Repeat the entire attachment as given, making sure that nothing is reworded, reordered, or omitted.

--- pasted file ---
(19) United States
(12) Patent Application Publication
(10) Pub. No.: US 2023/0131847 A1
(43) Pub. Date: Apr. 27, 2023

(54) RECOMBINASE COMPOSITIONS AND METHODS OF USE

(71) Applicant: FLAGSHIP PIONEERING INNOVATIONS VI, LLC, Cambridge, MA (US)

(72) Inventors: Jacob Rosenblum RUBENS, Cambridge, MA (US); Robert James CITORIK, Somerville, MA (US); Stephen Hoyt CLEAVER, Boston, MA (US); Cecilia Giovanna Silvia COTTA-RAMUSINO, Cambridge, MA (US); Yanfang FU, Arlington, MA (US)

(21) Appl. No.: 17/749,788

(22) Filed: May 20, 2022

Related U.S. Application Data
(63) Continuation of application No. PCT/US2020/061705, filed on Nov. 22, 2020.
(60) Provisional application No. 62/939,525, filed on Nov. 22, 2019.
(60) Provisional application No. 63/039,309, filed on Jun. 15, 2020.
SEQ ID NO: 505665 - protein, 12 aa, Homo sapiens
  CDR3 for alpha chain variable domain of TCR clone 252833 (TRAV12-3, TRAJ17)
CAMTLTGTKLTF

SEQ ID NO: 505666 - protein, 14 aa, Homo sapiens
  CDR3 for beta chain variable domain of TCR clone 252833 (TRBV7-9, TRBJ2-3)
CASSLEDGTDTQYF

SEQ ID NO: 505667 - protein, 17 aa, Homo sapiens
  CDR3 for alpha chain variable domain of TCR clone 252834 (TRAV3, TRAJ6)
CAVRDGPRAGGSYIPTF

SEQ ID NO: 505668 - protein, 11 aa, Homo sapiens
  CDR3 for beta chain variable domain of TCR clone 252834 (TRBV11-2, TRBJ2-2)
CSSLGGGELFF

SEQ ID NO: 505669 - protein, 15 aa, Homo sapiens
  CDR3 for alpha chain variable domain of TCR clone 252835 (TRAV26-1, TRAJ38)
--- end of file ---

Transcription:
(19) United States
(12) Patent Application Publication
(10) Pub. No.: US 2023/0131847 A1
(43) Pub. Date: Apr. 27, 2023

(54) RECOMBINASE COMPOSITIONS AND METHODS OF USE

(71) Applicant: FLAGSHIP PIONEERING INNOVATIONS VI, LLC, Cambridge, MA (US)

(72) Inventors: Jacob Rosenblum RUBENS, Cambridge, MA (US); Robert James CITORIK, Somerville, MA (US); Stephen Hoyt CLEAVER, Boston, MA (US); Cecilia Giovanna Silvia COTTA-RAMUSINO, Cambridge, MA (US); Yanfang FU, Arlington, MA (US)

(21) Appl. No.: 17/749,788

(22) Filed: May 20, 2022

Related U.S. Application Data
(63) Continuation of application No. PCT/US2020/061705, filed on Nov. 22, 2020.
(60) Provisional application No. 62/939,525, filed on Nov. 22, 2019.
(60) Provisional application No. 63/039,309, filed on Jun. 15, 2020.
SEQ ID NO: 505665 - protein, 12 aa, Homo sapiens
  CDR3 for alpha chain variable domain of TCR clone 252833 (TRAV12-3, TRAJ17)
CAMTLTGTKLTF

SEQ ID NO: 505666 - protein, 14 aa, Homo sapiens
  CDR3 for beta chain variable domain of TCR clone 252833 (TRBV7-9, TRBJ2-3)
CASSLEDGTDTQYF

SEQ ID NO: 505667 - protein, 17 aa, Homo sapiens
  CDR3 for alpha chain variable domain of TCR clone 252834 (TRAV3, TRAJ6)
CAVRDGPRAGGSYIPTF

SEQ ID NO: 505668 - protein, 11 aa, Homo sapiens
  CDR3 for beta chain variable domain of TCR clone 252834 (TRBV11-2, TRBJ2-2)
CSSLGGGELFF

SEQ ID NO: 505669 - protein, 15 aa, Homo sapiens
  CDR3 for alpha chain variable domain of TCR clone 252835 (TRAV26-1, TRAJ38)